Choices are tough. Even when neither option seems to sacrifice a lot, it’s still easy to second-guess yourself if you don’t know what exactly you’re looking for. For BMW fans looking for some practical space, nothing is more common than trying to decide between the X5 and the X7. Luckily, we’re here to help.
BMW X5 – Performance and Trims
When it comes to BMW, performance is important – despite piloting a five-thousand-pound SUV. The X5 gets many different layouts, to accommodate all lifestyles: the sDrive40i, xDrive40i, xDrive45e, M50i, and the X5 M. Starting with the sDrive40i, you’ll get only the rear-wheels driven and a stout, turbocharged inline six-cylinder. The BMW X5 xDrive40i gets the same, but with xDrive AWD. Both have some solid performance stats, but the xDrive gets you to sixty a bit quicker, at just 4.8 seconds.
The X5 xDrive45e serves as the X5’s hybrid option, offering similar performance with the added benefit of electric-only driving. It’s also a tick faster 0-60 than it’s xDrive40i brethren, at just 4.7 seconds. Between the inline-six and the electric motor nestled between the engine and the transmission – aiding balance and response – you get a total of 389 horsepower and 443 torques. Not bad for a tree-hugger.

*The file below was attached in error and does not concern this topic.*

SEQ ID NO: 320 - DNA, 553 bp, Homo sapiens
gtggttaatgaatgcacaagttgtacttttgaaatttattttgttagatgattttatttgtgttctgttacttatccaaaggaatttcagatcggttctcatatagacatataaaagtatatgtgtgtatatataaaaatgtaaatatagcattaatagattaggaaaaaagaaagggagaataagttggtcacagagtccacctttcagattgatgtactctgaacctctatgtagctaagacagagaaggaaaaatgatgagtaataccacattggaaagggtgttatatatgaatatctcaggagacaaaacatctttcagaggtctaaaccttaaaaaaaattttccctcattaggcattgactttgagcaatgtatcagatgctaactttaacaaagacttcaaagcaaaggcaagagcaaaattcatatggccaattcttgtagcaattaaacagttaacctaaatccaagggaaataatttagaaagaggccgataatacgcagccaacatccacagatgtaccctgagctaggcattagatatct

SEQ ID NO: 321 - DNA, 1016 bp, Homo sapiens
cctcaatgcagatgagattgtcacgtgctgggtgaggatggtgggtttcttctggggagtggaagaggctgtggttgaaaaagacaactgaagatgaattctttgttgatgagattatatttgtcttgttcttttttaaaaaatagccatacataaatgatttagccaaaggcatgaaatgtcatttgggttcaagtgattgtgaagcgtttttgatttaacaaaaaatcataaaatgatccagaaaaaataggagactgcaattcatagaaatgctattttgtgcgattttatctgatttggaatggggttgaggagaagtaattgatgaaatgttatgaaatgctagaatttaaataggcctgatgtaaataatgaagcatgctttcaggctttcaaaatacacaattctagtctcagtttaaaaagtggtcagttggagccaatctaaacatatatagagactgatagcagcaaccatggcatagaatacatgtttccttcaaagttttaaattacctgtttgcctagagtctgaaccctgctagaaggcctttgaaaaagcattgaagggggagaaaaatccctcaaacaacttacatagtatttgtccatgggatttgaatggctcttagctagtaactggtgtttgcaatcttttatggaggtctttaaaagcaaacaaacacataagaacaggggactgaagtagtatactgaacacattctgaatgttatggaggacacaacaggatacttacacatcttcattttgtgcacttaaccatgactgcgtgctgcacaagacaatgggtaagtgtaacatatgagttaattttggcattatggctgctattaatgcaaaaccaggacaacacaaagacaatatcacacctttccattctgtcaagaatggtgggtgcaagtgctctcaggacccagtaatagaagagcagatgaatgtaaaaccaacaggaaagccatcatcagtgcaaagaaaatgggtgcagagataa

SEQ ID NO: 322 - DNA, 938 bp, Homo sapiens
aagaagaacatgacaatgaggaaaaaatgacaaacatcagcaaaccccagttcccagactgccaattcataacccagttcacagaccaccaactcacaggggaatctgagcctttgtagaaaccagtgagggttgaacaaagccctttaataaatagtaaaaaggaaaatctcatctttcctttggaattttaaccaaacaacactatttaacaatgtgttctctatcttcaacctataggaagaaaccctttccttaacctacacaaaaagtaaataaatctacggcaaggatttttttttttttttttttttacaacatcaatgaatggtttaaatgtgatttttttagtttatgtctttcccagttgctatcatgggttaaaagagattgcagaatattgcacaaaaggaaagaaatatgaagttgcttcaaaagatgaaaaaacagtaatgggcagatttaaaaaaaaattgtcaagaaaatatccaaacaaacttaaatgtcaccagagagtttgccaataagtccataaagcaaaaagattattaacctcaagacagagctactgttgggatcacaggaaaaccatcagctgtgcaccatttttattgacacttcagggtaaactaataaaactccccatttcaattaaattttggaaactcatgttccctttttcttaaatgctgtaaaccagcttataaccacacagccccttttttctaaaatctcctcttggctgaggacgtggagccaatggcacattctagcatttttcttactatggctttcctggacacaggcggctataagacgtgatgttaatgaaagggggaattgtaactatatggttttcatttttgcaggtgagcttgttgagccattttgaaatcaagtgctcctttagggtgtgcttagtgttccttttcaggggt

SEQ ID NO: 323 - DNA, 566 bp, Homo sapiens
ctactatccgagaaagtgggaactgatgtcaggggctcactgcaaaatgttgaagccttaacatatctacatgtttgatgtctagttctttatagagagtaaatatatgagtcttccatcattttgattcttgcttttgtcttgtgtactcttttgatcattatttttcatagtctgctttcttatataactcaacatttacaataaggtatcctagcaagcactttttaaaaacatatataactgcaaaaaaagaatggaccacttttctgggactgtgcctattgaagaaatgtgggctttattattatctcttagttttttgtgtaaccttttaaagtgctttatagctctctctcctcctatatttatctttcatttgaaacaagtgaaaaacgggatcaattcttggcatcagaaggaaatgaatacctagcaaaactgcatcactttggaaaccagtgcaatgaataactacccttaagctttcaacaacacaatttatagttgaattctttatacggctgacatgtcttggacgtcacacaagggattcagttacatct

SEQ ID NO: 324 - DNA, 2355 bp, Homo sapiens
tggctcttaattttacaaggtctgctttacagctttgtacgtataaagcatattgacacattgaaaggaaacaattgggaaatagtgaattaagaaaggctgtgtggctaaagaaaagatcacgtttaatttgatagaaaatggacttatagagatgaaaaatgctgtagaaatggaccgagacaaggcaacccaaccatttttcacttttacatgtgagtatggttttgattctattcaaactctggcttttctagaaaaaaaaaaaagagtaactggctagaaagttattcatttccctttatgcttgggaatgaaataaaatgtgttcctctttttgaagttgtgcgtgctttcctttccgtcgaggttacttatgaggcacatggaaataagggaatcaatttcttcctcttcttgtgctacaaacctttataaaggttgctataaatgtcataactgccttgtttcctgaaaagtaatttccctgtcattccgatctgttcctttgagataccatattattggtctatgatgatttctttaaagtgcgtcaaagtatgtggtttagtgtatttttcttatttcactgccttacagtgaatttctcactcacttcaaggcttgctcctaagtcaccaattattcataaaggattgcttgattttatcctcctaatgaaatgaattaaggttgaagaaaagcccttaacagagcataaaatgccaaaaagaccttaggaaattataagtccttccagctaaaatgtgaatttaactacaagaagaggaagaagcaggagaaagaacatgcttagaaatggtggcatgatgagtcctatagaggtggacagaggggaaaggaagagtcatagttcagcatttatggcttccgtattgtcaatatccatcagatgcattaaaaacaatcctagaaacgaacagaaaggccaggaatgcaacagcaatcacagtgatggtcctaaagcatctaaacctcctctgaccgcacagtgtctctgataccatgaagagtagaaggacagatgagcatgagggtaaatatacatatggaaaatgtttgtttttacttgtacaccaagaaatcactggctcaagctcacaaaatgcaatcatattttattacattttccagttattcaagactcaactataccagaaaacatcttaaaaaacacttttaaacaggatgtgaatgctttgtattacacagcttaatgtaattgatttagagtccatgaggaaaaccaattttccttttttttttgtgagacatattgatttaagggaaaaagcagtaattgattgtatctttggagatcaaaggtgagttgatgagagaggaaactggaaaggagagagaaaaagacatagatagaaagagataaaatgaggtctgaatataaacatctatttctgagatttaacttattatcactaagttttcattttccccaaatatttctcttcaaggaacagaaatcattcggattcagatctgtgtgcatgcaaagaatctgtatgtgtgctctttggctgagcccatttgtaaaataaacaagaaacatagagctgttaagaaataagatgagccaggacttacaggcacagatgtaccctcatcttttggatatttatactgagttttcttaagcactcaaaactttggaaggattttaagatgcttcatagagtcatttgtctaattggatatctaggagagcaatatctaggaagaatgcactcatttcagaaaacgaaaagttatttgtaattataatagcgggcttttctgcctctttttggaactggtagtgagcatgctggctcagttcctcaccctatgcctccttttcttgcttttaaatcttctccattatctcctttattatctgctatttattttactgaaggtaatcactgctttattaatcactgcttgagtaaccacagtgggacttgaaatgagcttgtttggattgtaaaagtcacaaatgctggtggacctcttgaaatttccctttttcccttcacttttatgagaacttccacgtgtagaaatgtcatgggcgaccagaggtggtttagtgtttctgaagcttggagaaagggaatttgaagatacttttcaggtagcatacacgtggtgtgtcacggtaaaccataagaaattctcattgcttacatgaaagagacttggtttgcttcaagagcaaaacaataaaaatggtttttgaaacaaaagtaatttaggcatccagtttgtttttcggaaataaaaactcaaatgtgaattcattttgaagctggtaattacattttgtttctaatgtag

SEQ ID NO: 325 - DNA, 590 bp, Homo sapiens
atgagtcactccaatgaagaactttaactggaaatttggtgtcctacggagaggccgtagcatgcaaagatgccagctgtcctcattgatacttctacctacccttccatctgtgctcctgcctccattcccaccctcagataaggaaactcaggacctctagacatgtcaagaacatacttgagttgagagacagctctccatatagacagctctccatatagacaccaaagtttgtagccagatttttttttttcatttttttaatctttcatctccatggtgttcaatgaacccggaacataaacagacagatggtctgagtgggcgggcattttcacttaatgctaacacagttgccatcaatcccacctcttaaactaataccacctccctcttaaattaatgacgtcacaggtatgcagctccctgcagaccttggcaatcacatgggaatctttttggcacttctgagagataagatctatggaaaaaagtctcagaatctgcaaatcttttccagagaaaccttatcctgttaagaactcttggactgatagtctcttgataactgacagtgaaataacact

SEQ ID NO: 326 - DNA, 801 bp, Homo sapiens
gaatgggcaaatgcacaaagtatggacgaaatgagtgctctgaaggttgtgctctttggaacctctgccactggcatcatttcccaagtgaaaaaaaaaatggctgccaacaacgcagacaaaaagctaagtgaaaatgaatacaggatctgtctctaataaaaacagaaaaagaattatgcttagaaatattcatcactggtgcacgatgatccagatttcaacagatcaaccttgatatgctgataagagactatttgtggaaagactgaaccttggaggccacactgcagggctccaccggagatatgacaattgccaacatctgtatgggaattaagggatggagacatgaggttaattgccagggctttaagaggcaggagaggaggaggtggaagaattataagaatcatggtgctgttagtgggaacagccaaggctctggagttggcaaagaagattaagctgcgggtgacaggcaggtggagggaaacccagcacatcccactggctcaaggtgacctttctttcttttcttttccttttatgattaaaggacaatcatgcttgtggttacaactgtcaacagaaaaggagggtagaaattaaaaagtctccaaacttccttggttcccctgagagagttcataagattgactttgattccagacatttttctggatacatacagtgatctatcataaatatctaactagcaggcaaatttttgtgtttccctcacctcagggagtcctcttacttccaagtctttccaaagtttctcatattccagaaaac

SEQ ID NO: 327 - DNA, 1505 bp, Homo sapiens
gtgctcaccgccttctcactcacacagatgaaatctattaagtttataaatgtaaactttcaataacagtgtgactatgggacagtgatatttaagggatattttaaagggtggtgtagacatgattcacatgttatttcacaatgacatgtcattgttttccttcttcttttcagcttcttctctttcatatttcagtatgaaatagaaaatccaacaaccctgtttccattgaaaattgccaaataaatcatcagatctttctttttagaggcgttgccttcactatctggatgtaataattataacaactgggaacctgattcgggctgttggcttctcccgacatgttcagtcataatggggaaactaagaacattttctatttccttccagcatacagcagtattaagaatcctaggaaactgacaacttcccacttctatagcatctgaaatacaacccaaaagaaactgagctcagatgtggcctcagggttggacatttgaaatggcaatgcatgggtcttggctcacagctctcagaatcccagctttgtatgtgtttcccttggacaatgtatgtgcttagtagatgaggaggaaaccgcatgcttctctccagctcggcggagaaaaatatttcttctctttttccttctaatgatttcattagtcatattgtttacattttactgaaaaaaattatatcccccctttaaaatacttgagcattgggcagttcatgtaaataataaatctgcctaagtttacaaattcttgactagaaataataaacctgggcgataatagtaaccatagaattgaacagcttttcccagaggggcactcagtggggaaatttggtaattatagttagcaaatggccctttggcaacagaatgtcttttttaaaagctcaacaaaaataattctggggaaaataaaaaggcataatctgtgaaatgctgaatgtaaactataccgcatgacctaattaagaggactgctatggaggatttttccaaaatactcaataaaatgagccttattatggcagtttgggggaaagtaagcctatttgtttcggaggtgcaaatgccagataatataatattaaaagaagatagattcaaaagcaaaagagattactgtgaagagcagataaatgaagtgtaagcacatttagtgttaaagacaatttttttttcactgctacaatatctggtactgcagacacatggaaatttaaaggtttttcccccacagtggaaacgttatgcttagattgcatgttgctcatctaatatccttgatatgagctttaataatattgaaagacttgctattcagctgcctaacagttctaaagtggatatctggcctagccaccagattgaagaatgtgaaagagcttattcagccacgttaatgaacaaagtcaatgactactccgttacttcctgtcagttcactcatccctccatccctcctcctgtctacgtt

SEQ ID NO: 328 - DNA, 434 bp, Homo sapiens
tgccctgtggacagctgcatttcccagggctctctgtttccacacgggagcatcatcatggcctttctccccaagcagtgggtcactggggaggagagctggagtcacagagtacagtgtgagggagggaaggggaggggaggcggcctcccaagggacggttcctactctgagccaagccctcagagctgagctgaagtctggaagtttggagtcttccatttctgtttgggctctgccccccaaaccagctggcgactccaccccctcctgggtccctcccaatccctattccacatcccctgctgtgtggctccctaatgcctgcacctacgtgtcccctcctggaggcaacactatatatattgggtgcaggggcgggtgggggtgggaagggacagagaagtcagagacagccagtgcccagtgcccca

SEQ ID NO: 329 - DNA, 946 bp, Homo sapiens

With the M Sport Package, you get optional Adaptive M Suspension on both the 40i and 45e options, with available 22” wheels. Optioned in your taste of inoffensive and practical bi-color silver, or racy and edgy satin black, these wheels sound like the ideal cherry atop a mid-life crisis cake. But the obvious choice is the “practical meets performance” 21” wheels. On the exterior, you get some paint-matched fender flares and more aggressive bodywork. Also, many M badges in the door sills and interior bits to remind you where your $5,000 went.
The next step up is the twin-turbo V8-powered X5 M50i. And while it’s certainly a lot more exciting than a hybrid, it’s essentially more of the same. Well, except for the 523 horsepower, which far removes it from anything ordinary. It does exactly what you expect – it’s a vicious, artisan brick of 523 horsepower with (relatively) slot-car sharp handling. The X5 M takes that one step further, with a similar engine and drivetrain but 600 horsepower. More on that later.
BMW X7 – Performance and Trims
The X7 is a bit more conservative in its offerings – because there’s only two. You can opt for the xDr40i, powered by the same inline six-cylinder as the X5, or the M50i. The X7 weighs in around 5,400 pounds, and tops out closer to 5,700 pounds. Not exactly a welterweight, and it doesn’t hit much harder than the X5. What you see here is a clear trade between practicality and performance. Luckily, the added benefit of AWD still gets the base X7 xDrive40i from 0-60 in just over five seconds.
The BMW X7 M50i is the clear winner in terms of agility, getting a trick M Adaptive Suspension as well as the heaping helping of good ol’ V8 power. Standstill to sixty is something like 4.1 seconds, and I’m not sure I need to say much more. It’s a six-thousand-pound brick with a rocket attached to it.
BMW X5 Price vs. BMW X7 Price